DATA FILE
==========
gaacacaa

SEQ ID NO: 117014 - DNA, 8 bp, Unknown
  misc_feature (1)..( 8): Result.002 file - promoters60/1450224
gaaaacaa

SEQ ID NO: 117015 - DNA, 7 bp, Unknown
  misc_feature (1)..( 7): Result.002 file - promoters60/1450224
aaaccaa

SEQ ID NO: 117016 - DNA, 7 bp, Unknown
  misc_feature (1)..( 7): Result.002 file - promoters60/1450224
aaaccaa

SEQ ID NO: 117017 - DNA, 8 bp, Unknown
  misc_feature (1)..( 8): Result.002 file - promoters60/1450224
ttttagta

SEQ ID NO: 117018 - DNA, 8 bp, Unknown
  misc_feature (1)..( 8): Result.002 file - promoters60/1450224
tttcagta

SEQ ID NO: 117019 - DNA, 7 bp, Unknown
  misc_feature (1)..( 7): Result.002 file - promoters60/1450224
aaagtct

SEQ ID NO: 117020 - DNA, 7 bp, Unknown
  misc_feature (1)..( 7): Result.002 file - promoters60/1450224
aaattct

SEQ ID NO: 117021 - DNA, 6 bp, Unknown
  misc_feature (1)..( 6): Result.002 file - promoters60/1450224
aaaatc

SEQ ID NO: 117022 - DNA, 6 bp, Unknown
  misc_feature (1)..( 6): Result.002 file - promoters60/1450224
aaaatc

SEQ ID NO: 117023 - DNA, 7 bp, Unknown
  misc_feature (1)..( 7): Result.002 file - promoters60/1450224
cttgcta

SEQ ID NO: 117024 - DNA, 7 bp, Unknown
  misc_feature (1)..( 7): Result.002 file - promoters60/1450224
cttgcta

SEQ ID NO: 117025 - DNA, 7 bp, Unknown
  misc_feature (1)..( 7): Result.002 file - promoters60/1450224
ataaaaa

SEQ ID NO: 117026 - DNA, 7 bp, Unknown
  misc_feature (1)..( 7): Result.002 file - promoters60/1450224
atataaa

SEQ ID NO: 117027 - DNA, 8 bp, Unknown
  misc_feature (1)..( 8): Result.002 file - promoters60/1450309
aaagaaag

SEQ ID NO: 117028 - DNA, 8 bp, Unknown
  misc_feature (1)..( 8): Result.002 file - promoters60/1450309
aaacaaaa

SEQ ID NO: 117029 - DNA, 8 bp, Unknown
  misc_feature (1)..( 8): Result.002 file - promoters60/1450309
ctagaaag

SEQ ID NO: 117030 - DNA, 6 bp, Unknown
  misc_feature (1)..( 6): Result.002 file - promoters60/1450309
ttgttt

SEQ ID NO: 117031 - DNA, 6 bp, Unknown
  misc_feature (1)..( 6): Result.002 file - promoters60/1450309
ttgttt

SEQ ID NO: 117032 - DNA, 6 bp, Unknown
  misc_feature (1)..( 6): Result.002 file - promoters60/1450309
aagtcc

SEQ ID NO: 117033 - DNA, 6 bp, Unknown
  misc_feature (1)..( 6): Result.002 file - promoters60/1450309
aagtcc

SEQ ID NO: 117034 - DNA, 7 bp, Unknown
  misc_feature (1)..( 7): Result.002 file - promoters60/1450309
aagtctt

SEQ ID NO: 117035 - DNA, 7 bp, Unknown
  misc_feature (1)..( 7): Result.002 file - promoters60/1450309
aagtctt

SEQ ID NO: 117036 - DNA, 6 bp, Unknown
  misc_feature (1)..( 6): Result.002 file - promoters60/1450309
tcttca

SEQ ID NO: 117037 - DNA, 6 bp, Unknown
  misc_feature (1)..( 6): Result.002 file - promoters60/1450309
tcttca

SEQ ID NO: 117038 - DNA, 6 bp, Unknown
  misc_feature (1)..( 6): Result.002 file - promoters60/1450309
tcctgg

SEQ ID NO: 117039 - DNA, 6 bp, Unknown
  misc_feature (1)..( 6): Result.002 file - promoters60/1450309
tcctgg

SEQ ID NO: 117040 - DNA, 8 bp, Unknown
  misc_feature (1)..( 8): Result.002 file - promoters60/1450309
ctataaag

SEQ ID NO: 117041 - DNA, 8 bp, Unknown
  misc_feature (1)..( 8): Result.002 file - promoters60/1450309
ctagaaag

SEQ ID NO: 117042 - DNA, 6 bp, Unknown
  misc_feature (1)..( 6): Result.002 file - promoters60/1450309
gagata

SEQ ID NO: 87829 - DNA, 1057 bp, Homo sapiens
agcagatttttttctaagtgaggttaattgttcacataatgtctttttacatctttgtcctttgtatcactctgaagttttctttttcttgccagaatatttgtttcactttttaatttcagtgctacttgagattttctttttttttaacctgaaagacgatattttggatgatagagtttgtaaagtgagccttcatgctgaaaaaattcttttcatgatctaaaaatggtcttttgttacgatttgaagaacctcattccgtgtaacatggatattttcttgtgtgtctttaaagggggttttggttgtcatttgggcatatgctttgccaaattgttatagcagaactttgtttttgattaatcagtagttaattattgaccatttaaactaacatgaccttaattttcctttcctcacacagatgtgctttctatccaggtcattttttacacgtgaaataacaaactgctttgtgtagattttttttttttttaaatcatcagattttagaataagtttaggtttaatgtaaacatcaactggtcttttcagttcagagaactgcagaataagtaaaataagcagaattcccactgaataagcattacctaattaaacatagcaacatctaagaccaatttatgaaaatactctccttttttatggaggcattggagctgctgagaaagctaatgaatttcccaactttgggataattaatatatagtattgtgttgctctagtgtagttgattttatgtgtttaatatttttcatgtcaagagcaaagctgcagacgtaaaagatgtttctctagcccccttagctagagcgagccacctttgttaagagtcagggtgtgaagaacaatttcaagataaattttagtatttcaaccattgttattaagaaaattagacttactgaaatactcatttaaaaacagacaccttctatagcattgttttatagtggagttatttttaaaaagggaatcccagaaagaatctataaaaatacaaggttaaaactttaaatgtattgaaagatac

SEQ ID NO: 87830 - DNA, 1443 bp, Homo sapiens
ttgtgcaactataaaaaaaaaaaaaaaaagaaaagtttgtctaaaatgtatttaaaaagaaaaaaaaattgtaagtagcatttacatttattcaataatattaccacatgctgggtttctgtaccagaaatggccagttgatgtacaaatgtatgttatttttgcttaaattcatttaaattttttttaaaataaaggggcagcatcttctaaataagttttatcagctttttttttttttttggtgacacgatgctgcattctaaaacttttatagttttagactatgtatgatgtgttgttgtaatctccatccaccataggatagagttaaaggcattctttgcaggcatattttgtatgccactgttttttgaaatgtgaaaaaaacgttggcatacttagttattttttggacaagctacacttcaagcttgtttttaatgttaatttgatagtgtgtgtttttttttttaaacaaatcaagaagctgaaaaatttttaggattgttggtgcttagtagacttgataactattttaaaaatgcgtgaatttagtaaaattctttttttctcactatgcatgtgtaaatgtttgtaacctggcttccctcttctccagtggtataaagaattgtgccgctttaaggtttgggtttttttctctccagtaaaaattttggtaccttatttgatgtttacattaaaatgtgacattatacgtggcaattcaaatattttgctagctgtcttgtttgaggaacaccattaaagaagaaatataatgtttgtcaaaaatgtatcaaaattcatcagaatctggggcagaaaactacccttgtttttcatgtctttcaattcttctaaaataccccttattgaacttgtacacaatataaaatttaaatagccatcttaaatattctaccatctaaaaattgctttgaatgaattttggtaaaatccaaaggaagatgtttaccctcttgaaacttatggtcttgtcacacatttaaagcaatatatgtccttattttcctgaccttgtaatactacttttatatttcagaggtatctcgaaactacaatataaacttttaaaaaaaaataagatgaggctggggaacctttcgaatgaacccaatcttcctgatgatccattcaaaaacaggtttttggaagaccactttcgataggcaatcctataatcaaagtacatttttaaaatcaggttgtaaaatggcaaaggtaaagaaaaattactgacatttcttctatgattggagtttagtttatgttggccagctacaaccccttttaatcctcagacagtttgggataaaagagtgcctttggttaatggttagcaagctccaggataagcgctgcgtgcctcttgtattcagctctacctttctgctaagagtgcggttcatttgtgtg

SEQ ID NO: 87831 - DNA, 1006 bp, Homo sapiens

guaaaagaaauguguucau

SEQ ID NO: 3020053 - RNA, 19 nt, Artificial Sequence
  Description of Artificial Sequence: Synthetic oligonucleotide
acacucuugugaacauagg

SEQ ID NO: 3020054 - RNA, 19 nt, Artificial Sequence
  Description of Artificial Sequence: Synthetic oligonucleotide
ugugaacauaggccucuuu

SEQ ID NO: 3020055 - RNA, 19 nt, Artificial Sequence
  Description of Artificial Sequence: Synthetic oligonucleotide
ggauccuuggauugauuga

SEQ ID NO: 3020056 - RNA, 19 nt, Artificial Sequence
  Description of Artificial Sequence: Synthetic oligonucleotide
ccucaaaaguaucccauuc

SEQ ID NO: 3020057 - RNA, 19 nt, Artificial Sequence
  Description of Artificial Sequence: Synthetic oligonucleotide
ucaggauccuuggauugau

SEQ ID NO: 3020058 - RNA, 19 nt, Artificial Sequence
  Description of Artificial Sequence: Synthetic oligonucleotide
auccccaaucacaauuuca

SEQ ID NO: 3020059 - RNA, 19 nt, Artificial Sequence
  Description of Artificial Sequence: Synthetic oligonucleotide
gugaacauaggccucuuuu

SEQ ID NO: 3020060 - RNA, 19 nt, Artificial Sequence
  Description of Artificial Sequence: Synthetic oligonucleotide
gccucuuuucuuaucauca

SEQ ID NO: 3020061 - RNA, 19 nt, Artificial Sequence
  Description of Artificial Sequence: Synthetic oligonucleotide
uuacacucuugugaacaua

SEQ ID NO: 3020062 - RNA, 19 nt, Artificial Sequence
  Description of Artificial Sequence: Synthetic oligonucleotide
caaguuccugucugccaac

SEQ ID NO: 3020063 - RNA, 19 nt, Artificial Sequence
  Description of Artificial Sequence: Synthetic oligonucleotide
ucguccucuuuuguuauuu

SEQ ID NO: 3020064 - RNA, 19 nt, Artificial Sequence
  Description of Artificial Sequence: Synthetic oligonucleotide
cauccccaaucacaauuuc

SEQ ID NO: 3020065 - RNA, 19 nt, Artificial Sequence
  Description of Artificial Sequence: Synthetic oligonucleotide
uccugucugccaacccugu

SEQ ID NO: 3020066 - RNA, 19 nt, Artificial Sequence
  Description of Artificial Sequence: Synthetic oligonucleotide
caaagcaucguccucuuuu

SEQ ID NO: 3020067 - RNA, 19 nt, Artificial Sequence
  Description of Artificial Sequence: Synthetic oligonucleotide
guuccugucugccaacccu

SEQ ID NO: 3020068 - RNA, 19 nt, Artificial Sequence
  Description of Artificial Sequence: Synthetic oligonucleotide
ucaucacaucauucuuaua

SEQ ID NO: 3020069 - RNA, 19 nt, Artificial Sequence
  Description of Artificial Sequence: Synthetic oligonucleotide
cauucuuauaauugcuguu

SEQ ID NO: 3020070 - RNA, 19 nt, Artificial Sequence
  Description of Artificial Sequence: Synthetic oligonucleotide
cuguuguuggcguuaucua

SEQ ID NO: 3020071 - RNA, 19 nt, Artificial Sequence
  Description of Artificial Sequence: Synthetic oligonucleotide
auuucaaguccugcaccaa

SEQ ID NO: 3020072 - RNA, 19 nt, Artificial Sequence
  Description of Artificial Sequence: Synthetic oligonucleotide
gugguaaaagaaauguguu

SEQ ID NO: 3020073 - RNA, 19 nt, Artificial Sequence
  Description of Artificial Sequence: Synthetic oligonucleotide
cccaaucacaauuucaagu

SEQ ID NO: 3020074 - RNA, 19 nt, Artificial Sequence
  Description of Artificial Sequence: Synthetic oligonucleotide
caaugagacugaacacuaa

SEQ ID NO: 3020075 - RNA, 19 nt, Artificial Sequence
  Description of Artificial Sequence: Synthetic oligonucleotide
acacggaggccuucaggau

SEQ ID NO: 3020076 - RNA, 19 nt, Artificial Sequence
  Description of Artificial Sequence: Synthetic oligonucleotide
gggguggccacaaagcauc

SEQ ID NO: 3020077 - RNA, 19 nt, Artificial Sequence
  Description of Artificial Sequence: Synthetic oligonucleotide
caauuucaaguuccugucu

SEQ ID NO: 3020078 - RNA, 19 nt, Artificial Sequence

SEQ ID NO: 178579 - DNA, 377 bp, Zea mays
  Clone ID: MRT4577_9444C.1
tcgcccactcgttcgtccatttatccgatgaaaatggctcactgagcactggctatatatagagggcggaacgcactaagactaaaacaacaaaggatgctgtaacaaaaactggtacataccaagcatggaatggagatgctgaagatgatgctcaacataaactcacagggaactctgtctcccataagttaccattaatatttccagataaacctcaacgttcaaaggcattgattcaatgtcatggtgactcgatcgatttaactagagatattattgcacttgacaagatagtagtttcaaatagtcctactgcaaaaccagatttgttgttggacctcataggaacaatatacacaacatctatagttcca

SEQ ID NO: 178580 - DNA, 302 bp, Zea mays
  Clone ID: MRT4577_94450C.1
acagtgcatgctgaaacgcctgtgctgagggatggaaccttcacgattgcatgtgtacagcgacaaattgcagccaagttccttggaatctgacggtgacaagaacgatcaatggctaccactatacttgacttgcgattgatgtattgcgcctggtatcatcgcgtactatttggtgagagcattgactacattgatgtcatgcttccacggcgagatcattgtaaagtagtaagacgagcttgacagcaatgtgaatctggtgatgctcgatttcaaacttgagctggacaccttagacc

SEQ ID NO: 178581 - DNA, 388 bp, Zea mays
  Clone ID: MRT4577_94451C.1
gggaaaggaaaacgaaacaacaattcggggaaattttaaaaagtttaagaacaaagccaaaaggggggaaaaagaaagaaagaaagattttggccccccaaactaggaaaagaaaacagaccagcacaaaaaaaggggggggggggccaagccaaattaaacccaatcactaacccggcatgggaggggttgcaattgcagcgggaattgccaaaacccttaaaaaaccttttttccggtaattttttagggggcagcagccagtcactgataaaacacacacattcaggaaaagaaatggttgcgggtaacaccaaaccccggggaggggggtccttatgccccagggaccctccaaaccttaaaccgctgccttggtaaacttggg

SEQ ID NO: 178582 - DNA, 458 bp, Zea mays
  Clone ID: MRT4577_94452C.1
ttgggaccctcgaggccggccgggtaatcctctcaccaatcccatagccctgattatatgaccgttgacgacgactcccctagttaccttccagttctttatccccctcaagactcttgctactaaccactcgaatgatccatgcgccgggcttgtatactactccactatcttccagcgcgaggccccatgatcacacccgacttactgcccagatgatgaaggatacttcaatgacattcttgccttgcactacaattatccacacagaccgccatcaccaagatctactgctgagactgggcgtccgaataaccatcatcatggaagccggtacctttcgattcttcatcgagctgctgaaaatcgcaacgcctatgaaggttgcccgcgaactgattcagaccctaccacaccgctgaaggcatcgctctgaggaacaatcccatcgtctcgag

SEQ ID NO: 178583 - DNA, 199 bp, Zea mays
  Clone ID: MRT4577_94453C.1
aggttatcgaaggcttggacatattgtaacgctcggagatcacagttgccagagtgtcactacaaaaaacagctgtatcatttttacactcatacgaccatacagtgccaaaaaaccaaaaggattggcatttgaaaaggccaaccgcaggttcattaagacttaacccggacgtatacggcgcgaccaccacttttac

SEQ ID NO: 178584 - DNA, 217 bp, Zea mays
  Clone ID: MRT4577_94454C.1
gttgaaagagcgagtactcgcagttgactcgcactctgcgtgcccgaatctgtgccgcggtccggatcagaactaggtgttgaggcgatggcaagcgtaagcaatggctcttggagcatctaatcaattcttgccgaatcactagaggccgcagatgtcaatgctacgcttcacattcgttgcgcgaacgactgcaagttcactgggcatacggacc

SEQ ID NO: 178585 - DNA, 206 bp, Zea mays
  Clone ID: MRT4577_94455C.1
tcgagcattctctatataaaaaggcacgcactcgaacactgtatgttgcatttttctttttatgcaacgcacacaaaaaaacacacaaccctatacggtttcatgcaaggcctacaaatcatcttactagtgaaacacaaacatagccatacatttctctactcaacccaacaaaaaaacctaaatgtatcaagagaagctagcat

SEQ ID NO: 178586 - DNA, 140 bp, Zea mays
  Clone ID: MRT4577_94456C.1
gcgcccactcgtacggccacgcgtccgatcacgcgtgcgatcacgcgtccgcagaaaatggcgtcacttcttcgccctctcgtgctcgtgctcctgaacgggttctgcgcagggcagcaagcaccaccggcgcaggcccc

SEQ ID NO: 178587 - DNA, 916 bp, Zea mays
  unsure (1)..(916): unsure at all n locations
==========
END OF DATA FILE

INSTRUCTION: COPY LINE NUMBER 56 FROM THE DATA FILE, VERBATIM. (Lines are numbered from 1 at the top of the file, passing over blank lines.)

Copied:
SEQ ID NO: 117032 - DNA, 6 bp, Unknown